On the graph in Section 1,
you will plot Earnings, Sales
(Revenues) and Prices from
the company's past ten years.
The first thing you will
notice when you look at
the graph is that is doesn't
look like the graph paper
you buy at the stationery
store, with neat, evenly
spaced squares. This is
a **semi-logarithmic chart**,
sometimes known as a ratio
chart. The important thing
you need to know about
a semi-log chart is that
it shows you the **percentage
changes** from year to
year, rather than the absolute
numerical changes.

In other words, a trend line
connecting 1 and 1.5, a 50% increase,
will appear exactly the same
as a line connecting 1,000 and
1,500, also a 50% increase. If
these figures were charted on
a regular chart, the increase
from 1,000 to 1,500 would appear
to be much larger than the increase
from 1 to 1.5, even though they
both represent a 50% change.
A consistent percentage change
will plot on the semi-log chart
as a straight line.

On the left side of the
chart, the scale begins
at 1 and goes up to 200.
Since you are only interested
in percentage change, these
numbers can represent any
number you designate: 1
can be 1, 10, 100, 1000,
or 10 million. You will
be plotting three items
on the chart--sales, earnings
per share and price--and
each can be plotted on
its own independent scale.
Sales of $1 million and
Earnings Per Share of $1
could both be plotted on
the 1 at the bottom of
the chart. (In practice,
however, you will probably
want to chart Sales and
EPS on different scales
for clarity).

It may be helpful to think of
simply moving decimal places
when you enter data points on
the graph; 1800 becomes 1.800,
0.32 becomes 3.2, and so on.

The vertical lines of the
chart represent years.
The thick line about
a third of the way from
the right side of the
page is for the most
recent year. You will
chart ten years of historical
data and then project
results five years into
the future (1994 in this
case).

The first step in plotting
the data is to plot the
company's revenues from
the past ten years on the
graph. Since a company
can grow its EPS over the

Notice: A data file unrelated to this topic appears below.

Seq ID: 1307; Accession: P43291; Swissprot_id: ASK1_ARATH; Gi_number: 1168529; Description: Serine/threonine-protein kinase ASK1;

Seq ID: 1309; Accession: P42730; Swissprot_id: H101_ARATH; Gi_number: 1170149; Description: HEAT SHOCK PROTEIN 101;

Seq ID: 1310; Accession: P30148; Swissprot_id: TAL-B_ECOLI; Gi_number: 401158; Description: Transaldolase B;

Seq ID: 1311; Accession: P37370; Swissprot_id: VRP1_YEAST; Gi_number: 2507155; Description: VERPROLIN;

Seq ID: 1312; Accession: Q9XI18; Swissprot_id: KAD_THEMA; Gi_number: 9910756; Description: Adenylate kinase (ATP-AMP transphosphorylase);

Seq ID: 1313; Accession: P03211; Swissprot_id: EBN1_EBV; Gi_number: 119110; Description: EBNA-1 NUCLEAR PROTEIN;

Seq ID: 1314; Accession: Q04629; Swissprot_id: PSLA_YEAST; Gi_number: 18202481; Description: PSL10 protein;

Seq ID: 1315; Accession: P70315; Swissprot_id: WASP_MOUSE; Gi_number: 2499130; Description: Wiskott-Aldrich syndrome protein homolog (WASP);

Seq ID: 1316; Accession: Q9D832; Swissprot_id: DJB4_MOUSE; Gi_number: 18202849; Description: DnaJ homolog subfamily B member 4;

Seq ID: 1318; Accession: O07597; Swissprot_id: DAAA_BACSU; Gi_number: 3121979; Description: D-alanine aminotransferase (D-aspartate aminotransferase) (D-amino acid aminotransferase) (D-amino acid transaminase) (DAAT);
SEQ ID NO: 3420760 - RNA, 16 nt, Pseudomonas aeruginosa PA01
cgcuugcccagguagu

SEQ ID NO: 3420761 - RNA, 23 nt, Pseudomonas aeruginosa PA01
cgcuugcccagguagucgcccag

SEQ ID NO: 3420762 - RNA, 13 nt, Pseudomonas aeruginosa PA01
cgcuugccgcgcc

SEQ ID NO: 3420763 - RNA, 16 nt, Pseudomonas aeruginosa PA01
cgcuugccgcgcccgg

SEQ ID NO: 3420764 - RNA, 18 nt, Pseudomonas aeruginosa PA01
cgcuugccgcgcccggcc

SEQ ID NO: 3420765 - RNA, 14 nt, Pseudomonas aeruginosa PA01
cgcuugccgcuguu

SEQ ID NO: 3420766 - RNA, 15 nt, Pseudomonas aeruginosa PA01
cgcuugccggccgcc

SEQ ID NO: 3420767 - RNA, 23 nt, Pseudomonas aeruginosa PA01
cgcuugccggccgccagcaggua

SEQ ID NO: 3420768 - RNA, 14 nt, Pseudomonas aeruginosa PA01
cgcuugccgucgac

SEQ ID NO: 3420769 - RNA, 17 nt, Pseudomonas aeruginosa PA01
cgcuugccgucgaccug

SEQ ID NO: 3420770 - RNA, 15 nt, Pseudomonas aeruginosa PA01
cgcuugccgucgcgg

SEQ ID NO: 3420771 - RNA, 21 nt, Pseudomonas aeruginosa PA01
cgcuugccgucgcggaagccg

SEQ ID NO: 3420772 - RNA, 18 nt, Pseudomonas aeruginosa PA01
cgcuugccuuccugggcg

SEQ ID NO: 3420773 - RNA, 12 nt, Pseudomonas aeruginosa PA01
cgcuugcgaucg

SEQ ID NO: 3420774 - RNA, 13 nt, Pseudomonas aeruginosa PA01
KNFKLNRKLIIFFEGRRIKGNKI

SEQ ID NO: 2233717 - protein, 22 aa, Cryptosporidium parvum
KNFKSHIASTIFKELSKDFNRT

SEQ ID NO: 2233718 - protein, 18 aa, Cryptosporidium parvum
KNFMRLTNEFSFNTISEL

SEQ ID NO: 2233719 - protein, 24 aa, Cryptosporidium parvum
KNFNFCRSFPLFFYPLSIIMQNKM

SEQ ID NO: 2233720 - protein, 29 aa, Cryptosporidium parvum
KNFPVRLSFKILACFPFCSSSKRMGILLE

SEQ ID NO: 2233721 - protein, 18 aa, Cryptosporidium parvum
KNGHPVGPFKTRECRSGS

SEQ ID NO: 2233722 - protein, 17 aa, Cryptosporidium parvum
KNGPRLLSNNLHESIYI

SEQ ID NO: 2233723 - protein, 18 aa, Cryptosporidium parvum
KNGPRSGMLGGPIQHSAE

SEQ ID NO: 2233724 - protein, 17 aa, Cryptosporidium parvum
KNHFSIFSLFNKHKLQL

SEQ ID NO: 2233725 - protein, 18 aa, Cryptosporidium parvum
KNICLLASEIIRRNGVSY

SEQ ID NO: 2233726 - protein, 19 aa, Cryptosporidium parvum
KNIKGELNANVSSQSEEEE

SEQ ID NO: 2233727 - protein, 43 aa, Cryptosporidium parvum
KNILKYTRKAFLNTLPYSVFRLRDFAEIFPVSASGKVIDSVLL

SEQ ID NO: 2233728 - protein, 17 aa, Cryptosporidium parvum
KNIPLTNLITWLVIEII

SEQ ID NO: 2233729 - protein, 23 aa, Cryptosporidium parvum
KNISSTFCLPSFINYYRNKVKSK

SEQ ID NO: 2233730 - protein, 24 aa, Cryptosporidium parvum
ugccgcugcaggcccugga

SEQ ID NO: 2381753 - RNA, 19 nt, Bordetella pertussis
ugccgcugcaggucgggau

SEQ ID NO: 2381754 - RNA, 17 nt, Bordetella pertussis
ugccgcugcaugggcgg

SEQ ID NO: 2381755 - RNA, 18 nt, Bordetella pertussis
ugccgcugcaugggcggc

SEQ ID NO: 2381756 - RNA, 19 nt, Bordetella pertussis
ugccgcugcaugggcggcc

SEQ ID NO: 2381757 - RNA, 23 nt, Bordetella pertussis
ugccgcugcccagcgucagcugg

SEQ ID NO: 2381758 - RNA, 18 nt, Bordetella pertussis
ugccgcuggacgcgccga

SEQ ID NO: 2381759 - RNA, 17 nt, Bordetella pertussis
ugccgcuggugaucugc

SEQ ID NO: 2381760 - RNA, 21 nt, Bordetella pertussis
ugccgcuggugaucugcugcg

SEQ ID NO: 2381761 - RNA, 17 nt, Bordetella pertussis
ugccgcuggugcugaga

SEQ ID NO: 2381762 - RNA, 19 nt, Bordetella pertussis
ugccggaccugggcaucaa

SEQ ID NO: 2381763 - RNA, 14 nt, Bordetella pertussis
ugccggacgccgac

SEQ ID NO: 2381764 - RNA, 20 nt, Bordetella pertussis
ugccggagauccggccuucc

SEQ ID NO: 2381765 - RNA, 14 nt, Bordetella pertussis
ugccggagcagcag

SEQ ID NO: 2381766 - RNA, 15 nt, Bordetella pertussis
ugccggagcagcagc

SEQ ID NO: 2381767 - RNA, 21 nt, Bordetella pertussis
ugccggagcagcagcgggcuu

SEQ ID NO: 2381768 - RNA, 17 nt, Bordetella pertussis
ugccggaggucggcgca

long term only by increasing
its Revenues, you should
plot Revenues first. If
the picture you see of
Revenue growth is not favorable,
perhaps it's time to find
another stock.

According
to this company's Annual Report,
Revenues for 1985 were $289.7
million. By adjusting the scale
(i.e., moving the decimal point)
we can plot this figure on our
graph on either of the two scales
on the SSG, as 2.897 or 28.97,
as shown.

Let's use the upper scale
for Revenues, plotting
the next year's sales of
$338.9 million as 33.89
on the vertical line for
the 1986 year, about a
third of the way between
the horizontal lines marked
30 and 40. Continue in
this manner until you reach
1994, with Revenues of
$815.6 plotted as 81.56,
just a bit above the vertical
line marked 80.

We'll do the same for Earnings
Per Share, this time using the
lower scale and moving the decimal
point one place to the right,
so 1985 EPS of $0.33 turns into
3.3, 1986 EPS of $0.39 becomes
3.9, until we plot 1994 earnings,
$0.89 as 8.9. When you're finished
charting EPS, your chart should
look something like this:

The next step is easy:
just connect the dots!
Draw a line between the
data points for Revenues
and another between the
points representing Earnings
Per Share. It may be helpful
to use a different colored
pen or pencil for both
Revenues and EPS. Don't
forget to mark in the margin
which data are EPS and
which are Revenues.